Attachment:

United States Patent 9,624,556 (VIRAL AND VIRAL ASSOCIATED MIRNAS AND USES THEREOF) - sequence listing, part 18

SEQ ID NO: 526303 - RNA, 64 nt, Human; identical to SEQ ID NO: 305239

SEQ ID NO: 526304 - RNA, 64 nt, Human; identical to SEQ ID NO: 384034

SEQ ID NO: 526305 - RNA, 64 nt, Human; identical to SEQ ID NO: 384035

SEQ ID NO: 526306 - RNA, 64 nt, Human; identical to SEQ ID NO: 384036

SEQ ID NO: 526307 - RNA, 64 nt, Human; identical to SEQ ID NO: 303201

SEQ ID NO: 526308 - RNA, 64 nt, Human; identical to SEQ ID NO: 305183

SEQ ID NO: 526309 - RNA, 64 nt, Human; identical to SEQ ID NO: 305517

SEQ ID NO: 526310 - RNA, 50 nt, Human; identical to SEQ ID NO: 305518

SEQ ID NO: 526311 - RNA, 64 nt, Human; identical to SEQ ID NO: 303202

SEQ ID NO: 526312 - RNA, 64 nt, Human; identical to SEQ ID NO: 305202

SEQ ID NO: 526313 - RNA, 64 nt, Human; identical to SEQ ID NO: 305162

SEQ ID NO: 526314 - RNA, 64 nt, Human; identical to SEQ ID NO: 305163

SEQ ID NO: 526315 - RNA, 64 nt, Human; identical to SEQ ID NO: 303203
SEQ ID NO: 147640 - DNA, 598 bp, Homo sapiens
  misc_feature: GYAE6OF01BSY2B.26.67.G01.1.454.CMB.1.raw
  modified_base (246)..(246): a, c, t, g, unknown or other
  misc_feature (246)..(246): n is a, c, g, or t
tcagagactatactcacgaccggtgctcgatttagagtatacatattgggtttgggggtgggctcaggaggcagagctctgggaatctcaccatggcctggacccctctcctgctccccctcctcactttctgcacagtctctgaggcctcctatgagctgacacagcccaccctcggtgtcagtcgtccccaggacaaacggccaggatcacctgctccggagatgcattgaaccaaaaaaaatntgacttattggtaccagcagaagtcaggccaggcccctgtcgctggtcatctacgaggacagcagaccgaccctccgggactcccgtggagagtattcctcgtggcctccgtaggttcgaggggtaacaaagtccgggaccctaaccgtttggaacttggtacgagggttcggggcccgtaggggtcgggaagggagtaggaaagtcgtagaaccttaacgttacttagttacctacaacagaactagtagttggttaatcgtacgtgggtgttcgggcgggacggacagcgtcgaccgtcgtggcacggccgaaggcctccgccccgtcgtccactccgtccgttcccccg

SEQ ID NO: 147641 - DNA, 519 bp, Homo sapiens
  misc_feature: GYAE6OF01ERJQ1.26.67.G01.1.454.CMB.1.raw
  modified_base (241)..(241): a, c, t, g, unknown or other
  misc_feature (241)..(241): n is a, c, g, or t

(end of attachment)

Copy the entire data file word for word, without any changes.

United States Patent 9,624,556 (VIRAL AND VIRAL ASSOCIATED MIRNAS AND USES THEREOF) - sequence listing, part 18

SEQ ID NO: 526303 - RNA, 64 nt, Human; identical to SEQ ID NO: 305239

SEQ ID NO: 526304 - RNA, 64 nt, Human; identical to SEQ ID NO: 384034

SEQ ID NO: 526305 - RNA, 64 nt, Human; identical to SEQ ID NO: 384035

SEQ ID NO: 526306 - RNA, 64 nt, Human; identical to SEQ ID NO: 384036

SEQ ID NO: 526307 - RNA, 64 nt, Human; identical to SEQ ID NO: 303201

SEQ ID NO: 526308 - RNA, 64 nt, Human; identical to SEQ ID NO: 305183

SEQ ID NO: 526309 - RNA, 64 nt, Human; identical to SEQ ID NO: 305517

SEQ ID NO: 526310 - RNA, 50 nt, Human; identical to SEQ ID NO: 305518

SEQ ID NO: 526311 - RNA, 64 nt, Human; identical to SEQ ID NO: 303202

SEQ ID NO: 526312 - RNA, 64 nt, Human; identical to SEQ ID NO: 305202

SEQ ID NO: 526313 - RNA, 64 nt, Human; identical to SEQ ID NO: 305162

SEQ ID NO: 526314 - RNA, 64 nt, Human; identical to SEQ ID NO: 305163

SEQ ID NO: 526315 - RNA, 64 nt, Human; identical to SEQ ID NO: 303203
SEQ ID NO: 147640 - DNA, 598 bp, Homo sapiens
  misc_feature: GYAE6OF01BSY2B.26.67.G01.1.454.CMB.1.raw
  modified_base (246)..(246): a, c, t, g, unknown or other
  misc_feature (246)..(246): n is a, c, g, or t
tcagagactatactcacgaccggtgctcgatttagagtatacatattgggtttgggggtgggctcaggaggcagagctctgggaatctcaccatggcctggacccctctcctgctccccctcctcactttctgcacagtctctgaggcctcctatgagctgacacagcccaccctcggtgtcagtcgtccccaggacaaacggccaggatcacctgctccggagatgcattgaaccaaaaaaaatntgacttattggtaccagcagaagtcaggccaggcccctgtcgctggtcatctacgaggacagcagaccgaccctccgggactcccgtggagagtattcctcgtggcctccgtaggttcgaggggtaacaaagtccgggaccctaaccgtttggaacttggtacgagggttcggggcccgtaggggtcgggaagggagtaggaaagtcgtagaaccttaacgttacttagttacctacaacagaactagtagttggttaatcgtacgtgggtgttcgggcgggacggacagcgtcgaccgtcgtggcacggccgaaggcctccgccccgtcgtccactccgtccgttcccccg

SEQ ID NO: 147641 - DNA, 519 bp, Homo sapiens
  misc_feature: GYAE6OF01ERJQ1.26.67.G01.1.454.CMB.1.raw
  modified_base (241)..(241): a, c, t, g, unknown or other
  misc_feature (241)..(241): n is a, c, g, or t